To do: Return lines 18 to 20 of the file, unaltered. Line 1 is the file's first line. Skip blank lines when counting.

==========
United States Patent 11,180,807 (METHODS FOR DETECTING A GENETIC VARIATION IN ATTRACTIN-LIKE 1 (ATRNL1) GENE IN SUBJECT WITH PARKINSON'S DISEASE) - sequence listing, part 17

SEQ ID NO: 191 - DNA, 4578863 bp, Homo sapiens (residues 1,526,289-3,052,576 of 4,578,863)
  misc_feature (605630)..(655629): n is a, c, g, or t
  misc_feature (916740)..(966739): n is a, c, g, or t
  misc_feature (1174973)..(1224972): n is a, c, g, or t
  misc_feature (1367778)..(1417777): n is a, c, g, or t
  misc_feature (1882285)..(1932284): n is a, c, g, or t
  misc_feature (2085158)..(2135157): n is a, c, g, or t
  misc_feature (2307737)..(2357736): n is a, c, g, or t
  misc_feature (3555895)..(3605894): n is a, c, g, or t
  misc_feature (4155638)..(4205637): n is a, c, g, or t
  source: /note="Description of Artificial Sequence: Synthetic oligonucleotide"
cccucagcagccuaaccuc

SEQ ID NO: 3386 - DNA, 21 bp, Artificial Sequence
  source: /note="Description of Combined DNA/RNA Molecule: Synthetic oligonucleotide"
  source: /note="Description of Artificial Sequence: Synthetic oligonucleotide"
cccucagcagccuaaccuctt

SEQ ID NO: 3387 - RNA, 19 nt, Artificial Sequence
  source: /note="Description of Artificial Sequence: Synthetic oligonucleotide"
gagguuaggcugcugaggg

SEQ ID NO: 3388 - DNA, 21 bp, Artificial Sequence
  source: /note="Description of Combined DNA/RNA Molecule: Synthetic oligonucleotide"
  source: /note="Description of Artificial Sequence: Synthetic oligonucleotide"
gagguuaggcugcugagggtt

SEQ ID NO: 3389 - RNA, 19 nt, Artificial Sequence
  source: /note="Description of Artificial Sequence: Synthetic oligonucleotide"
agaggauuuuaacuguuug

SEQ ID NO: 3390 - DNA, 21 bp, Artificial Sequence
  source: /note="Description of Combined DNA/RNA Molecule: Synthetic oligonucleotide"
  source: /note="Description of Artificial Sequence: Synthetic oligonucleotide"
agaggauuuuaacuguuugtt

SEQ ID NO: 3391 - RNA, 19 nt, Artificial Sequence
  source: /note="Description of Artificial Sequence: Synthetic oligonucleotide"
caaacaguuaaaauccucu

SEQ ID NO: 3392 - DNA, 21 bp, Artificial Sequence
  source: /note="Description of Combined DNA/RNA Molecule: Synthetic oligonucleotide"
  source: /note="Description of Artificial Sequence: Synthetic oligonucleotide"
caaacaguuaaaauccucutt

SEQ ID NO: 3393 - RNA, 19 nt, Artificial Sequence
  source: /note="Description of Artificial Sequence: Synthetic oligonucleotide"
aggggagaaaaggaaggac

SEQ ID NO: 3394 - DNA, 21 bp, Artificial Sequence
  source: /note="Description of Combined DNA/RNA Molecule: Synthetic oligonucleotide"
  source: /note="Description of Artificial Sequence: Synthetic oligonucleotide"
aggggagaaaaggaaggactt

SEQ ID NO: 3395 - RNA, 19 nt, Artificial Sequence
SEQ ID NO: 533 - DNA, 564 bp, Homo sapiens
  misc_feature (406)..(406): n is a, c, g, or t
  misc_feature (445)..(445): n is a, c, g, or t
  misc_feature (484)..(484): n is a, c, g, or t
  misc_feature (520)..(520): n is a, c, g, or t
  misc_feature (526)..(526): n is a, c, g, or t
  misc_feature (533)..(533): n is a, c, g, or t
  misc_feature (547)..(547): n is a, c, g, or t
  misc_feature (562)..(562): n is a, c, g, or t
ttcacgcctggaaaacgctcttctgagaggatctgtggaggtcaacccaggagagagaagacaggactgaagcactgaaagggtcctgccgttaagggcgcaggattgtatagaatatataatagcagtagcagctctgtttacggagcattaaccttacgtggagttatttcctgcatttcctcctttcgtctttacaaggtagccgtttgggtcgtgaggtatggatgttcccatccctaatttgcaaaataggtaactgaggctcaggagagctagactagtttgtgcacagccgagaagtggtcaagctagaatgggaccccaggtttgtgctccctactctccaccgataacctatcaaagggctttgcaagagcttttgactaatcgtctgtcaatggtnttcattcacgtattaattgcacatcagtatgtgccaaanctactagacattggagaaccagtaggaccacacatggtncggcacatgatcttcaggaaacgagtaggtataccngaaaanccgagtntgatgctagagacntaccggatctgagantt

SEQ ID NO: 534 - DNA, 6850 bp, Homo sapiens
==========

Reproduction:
SEQ ID NO: 3387 - RNA, 19 nt, Artificial Sequence
  source: /note="Description of Artificial Sequence: Synthetic oligonucleotide"
gagguuaggcugcugaggg